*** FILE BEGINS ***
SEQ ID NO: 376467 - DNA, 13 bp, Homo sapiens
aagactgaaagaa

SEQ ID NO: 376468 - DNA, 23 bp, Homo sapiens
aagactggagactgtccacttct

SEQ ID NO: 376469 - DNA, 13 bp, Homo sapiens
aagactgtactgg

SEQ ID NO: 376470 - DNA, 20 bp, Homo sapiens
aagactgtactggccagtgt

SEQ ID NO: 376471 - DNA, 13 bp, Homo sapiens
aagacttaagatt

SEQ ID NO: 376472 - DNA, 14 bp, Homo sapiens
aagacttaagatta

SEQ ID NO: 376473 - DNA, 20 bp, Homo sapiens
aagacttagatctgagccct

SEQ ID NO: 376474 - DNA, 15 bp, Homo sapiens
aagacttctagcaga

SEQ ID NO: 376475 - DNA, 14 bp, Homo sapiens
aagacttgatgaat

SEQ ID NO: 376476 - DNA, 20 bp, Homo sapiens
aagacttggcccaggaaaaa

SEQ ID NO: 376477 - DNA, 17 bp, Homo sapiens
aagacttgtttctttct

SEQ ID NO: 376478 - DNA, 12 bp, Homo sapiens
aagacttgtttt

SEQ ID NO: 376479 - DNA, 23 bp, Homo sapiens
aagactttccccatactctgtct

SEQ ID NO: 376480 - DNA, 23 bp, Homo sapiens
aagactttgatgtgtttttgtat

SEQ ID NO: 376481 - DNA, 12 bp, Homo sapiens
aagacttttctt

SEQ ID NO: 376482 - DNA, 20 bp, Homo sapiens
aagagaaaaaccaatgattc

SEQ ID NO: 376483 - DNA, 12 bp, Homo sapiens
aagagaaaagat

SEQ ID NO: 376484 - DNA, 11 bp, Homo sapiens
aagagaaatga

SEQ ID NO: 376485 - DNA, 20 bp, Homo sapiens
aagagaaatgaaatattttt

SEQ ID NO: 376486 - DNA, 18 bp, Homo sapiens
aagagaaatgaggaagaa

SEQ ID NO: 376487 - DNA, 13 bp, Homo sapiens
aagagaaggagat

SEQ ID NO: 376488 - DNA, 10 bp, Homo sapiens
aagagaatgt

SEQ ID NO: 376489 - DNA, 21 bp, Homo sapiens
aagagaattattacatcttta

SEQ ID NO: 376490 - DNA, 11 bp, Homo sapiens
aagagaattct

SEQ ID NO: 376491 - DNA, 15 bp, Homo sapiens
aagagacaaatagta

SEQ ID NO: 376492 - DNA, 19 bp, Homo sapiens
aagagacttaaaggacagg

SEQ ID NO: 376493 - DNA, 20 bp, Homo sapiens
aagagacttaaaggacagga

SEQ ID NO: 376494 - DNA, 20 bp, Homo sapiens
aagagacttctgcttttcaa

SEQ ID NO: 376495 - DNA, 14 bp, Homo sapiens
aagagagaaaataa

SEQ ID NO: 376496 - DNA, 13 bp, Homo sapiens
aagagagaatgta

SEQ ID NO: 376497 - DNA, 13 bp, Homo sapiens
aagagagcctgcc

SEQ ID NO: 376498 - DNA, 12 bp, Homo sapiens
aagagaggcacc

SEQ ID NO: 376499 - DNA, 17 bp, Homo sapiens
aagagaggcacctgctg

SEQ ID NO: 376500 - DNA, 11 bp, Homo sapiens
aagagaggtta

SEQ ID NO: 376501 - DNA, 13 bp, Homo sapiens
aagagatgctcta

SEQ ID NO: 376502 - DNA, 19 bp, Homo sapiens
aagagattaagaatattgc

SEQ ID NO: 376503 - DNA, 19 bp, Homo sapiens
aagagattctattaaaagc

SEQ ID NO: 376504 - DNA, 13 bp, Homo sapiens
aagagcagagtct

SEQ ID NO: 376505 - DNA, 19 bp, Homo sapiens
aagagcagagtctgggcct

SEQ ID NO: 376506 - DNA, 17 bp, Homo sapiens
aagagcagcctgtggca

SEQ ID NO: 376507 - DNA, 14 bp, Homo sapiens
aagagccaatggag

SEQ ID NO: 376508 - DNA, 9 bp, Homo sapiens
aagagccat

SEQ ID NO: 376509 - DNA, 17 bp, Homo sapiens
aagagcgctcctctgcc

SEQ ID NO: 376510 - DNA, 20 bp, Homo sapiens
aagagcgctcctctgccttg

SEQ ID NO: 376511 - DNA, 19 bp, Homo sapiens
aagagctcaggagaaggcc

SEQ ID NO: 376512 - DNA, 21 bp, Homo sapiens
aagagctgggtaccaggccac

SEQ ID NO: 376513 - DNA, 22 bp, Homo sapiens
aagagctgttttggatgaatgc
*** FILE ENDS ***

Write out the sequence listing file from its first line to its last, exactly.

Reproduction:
SEQ ID NO: 376467 - DNA, 13 bp, Homo sapiens
aagactgaaagaa

SEQ ID NO: 376468 - DNA, 23 bp, Homo sapiens
aagactggagactgtccacttct

SEQ ID NO: 376469 - DNA, 13 bp, Homo sapiens
aagactgtactgg

SEQ ID NO: 376470 - DNA, 20 bp, Homo sapiens
aagactgtactggccagtgt

SEQ ID NO: 376471 - DNA, 13 bp, Homo sapiens
aagacttaagatt

SEQ ID NO: 376472 - DNA, 14 bp, Homo sapiens
aagacttaagatta

SEQ ID NO: 376473 - DNA, 20 bp, Homo sapiens
aagacttagatctgagccct

SEQ ID NO: 376474 - DNA, 15 bp, Homo sapiens
aagacttctagcaga

SEQ ID NO: 376475 - DNA, 14 bp, Homo sapiens
aagacttgatgaat

SEQ ID NO: 376476 - DNA, 20 bp, Homo sapiens
aagacttggcccaggaaaaa

SEQ ID NO: 376477 - DNA, 17 bp, Homo sapiens
aagacttgtttctttct

SEQ ID NO: 376478 - DNA, 12 bp, Homo sapiens
aagacttgtttt

SEQ ID NO: 376479 - DNA, 23 bp, Homo sapiens
aagactttccccatactctgtct

SEQ ID NO: 376480 - DNA, 23 bp, Homo sapiens
aagactttgatgtgtttttgtat

SEQ ID NO: 376481 - DNA, 12 bp, Homo sapiens
aagacttttctt

SEQ ID NO: 376482 - DNA, 20 bp, Homo sapiens
aagagaaaaaccaatgattc

SEQ ID NO: 376483 - DNA, 12 bp, Homo sapiens
aagagaaaagat

SEQ ID NO: 376484 - DNA, 11 bp, Homo sapiens
aagagaaatga

SEQ ID NO: 376485 - DNA, 20 bp, Homo sapiens
aagagaaatgaaatattttt

SEQ ID NO: 376486 - DNA, 18 bp, Homo sapiens
aagagaaatgaggaagaa

SEQ ID NO: 376487 - DNA, 13 bp, Homo sapiens
aagagaaggagat

SEQ ID NO: 376488 - DNA, 10 bp, Homo sapiens
aagagaatgt

SEQ ID NO: 376489 - DNA, 21 bp, Homo sapiens
aagagaattattacatcttta

SEQ ID NO: 376490 - DNA, 11 bp, Homo sapiens
aagagaattct

SEQ ID NO: 376491 - DNA, 15 bp, Homo sapiens
aagagacaaatagta

SEQ ID NO: 376492 - DNA, 19 bp, Homo sapiens
aagagacttaaaggacagg

SEQ ID NO: 376493 - DNA, 20 bp, Homo sapiens
aagagacttaaaggacagga

SEQ ID NO: 376494 - DNA, 20 bp, Homo sapiens
aagagacttctgcttttcaa

SEQ ID NO: 376495 - DNA, 14 bp, Homo sapiens
aagagagaaaataa

SEQ ID NO: 376496 - DNA, 13 bp, Homo sapiens
aagagagaatgta

SEQ ID NO: 376497 - DNA, 13 bp, Homo sapiens
aagagagcctgcc

SEQ ID NO: 376498 - DNA, 12 bp, Homo sapiens
aagagaggcacc

SEQ ID NO: 376499 - DNA, 17 bp, Homo sapiens
aagagaggcacctgctg

SEQ ID NO: 376500 - DNA, 11 bp, Homo sapiens
aagagaggtta

SEQ ID NO: 376501 - DNA, 13 bp, Homo sapiens
aagagatgctcta

SEQ ID NO: 376502 - DNA, 19 bp, Homo sapiens
aagagattaagaatattgc

SEQ ID NO: 376503 - DNA, 19 bp, Homo sapiens
aagagattctattaaaagc

SEQ ID NO: 376504 - DNA, 13 bp, Homo sapiens
aagagcagagtct

SEQ ID NO: 376505 - DNA, 19 bp, Homo sapiens
aagagcagagtctgggcct

SEQ ID NO: 376506 - DNA, 17 bp, Homo sapiens
aagagcagcctgtggca

SEQ ID NO: 376507 - DNA, 14 bp, Homo sapiens
aagagccaatggag

SEQ ID NO: 376508 - DNA, 9 bp, Homo sapiens
aagagccat

SEQ ID NO: 376509 - DNA, 17 bp, Homo sapiens
aagagcgctcctctgcc

SEQ ID NO: 376510 - DNA, 20 bp, Homo sapiens
aagagcgctcctctgccttg

SEQ ID NO: 376511 - DNA, 19 bp, Homo sapiens
aagagctcaggagaaggcc

SEQ ID NO: 376512 - DNA, 21 bp, Homo sapiens
aagagctgggtaccaggccac

SEQ ID NO: 376513 - DNA, 22 bp, Homo sapiens
aagagctgttttggatgaatgc